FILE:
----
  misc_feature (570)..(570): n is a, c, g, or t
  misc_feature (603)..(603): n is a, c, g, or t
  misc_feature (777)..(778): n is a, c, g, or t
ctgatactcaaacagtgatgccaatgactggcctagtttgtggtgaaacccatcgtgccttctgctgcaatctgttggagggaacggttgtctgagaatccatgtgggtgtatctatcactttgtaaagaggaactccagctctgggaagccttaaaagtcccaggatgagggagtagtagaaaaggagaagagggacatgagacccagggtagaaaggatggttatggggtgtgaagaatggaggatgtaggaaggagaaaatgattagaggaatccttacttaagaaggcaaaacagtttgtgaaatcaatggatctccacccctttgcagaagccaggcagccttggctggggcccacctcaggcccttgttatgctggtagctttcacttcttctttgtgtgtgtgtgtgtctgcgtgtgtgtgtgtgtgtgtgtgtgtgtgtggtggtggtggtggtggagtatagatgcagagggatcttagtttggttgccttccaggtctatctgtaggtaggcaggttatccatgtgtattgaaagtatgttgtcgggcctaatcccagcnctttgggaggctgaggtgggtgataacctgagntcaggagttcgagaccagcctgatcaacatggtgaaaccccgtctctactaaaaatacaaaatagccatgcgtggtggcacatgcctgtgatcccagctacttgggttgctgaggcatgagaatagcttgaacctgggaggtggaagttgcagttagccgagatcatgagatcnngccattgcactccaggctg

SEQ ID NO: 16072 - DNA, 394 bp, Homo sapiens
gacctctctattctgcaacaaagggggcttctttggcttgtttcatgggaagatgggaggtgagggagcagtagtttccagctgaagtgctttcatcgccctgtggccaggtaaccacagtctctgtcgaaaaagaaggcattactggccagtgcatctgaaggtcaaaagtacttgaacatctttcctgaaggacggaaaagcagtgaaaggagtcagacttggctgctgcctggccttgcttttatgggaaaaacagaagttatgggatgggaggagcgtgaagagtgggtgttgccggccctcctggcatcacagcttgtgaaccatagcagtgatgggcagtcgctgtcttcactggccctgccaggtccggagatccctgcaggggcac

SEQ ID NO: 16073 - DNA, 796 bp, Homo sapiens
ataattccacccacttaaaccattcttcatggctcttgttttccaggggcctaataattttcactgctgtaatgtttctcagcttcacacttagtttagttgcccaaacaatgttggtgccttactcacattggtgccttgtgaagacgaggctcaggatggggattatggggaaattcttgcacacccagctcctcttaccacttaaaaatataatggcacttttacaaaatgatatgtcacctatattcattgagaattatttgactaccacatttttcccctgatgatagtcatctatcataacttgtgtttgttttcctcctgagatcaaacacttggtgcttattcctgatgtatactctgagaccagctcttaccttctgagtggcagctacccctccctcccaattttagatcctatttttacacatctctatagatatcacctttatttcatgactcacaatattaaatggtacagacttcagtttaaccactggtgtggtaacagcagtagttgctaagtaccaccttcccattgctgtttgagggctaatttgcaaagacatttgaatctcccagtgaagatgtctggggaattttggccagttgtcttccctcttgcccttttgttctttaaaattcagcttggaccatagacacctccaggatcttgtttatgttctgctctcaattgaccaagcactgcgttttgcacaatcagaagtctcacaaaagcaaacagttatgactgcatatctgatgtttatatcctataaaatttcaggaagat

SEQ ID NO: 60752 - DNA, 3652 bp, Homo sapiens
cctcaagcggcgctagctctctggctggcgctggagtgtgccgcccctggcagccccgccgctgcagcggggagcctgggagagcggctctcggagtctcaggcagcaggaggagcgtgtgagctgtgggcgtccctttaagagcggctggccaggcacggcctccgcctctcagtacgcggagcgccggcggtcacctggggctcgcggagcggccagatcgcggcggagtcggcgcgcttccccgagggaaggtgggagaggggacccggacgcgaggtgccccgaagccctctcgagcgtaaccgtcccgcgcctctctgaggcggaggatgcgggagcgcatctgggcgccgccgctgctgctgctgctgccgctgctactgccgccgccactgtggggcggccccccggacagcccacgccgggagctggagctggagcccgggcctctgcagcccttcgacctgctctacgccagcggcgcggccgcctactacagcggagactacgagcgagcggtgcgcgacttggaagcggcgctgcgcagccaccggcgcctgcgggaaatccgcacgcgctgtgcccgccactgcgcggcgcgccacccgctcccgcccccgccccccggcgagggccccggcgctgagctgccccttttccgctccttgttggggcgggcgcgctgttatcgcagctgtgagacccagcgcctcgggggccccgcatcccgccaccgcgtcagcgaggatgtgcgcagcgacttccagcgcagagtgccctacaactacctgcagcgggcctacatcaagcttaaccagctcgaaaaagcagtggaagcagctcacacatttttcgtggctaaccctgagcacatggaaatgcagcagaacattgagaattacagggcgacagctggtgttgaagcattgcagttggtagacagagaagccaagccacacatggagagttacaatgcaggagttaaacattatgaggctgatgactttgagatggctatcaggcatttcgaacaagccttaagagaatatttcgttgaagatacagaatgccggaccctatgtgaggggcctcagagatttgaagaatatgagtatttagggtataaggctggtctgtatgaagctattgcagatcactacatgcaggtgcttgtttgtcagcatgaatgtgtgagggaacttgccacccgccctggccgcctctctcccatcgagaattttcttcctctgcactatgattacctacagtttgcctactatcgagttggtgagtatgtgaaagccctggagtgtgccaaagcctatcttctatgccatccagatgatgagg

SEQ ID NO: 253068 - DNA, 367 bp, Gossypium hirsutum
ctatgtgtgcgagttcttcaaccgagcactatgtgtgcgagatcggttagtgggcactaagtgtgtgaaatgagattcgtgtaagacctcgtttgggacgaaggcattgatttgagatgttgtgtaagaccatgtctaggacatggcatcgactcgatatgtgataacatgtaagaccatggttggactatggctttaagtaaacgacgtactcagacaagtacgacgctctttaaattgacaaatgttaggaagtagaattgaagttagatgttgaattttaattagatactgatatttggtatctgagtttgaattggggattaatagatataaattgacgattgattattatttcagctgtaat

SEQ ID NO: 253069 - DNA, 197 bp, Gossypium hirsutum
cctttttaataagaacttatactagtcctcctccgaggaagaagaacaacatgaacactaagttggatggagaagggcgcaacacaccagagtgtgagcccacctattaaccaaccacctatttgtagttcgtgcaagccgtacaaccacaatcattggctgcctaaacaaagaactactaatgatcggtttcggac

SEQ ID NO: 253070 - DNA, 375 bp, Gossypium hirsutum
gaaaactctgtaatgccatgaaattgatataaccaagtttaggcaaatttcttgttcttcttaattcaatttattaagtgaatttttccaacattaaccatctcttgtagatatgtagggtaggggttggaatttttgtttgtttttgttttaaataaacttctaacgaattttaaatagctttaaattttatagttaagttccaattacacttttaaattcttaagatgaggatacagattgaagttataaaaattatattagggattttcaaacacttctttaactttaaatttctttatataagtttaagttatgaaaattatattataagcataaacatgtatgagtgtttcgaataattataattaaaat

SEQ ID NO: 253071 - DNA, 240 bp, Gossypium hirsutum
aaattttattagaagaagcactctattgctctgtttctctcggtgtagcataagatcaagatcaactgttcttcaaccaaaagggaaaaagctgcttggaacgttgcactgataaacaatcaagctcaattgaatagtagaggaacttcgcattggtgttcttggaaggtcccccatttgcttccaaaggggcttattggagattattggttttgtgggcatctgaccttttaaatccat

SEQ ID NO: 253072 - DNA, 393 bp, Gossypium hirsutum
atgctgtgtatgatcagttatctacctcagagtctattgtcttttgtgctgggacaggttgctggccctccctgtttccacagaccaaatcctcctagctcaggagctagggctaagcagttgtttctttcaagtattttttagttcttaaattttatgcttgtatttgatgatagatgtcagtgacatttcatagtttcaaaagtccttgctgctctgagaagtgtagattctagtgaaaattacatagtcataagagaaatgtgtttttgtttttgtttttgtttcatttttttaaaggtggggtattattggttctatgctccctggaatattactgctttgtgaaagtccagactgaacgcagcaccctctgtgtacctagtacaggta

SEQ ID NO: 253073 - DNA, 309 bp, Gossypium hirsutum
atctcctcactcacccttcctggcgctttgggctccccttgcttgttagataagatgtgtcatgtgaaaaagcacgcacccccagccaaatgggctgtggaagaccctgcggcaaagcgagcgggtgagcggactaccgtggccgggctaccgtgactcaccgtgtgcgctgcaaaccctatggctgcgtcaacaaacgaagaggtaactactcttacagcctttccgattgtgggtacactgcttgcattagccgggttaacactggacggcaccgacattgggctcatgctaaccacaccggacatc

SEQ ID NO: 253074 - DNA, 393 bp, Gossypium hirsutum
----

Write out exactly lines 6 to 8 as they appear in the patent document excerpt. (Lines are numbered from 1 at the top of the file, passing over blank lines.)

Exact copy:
gacctctctattctgcaacaaagggggcttctttggcttgtttcatgggaagatgggaggtgagggagcagtagtttccagctgaagtgctttcatcgccctgtggccaggtaaccacagtctctgtcgaaaaagaaggcattactggccagtgcatctgaaggtcaaaagtacttgaacatctttcctgaaggacggaaaagcagtgaaaggagtcagacttggctgctgcctggccttgcttttatgggaaaaacagaagttatgggatgggaggagcgtgaagagtgggtgttgccggccctcctggcatcacagcttgtgaaccatagcagtgatgggcagtcgctgtcttcactggccctgccaggtccggagatccctgcaggggcac

SEQ ID NO: 16073 - DNA, 796 bp, Homo sapiens
ataattccacccacttaaaccattcttcatggctcttgttttccaggggcctaataattttcactgctgtaatgtttctcagcttcacacttagtttagttgcccaaacaatgttggtgccttactcacattggtgccttgtgaagacgaggctcaggatggggattatggggaaattcttgcacacccagctcctcttaccacttaaaaatataatggcacttttacaaaatgatatgtcacctatattcattgagaattatttgactaccacatttttcccctgatgatagtcatctatcataacttgtgtttgttttcctcctgagatcaaacacttggtgcttattcctgatgtatactctgagaccagctcttaccttctgagtggcagctacccctccctcccaattttagatcctatttttacacatctctatagatatcacctttatttcatgactcacaatattaaatggtacagacttcagtttaaccactggtgtggtaacagcagtagttgctaagtaccaccttcccattgctgtttgagggctaatttgcaaagacatttgaatctcccagtgaagatgtctggggaattttggccagttgtcttccctcttgcccttttgttctttaaaattcagcttggaccatagacacctccaggatcttgtttatgttctgctctcaattgaccaagcactgcgttttgcacaatcagaagtctcacaaaagcaaacagttatgactgcatatctgatgtttatatcctataaaatttcaggaagat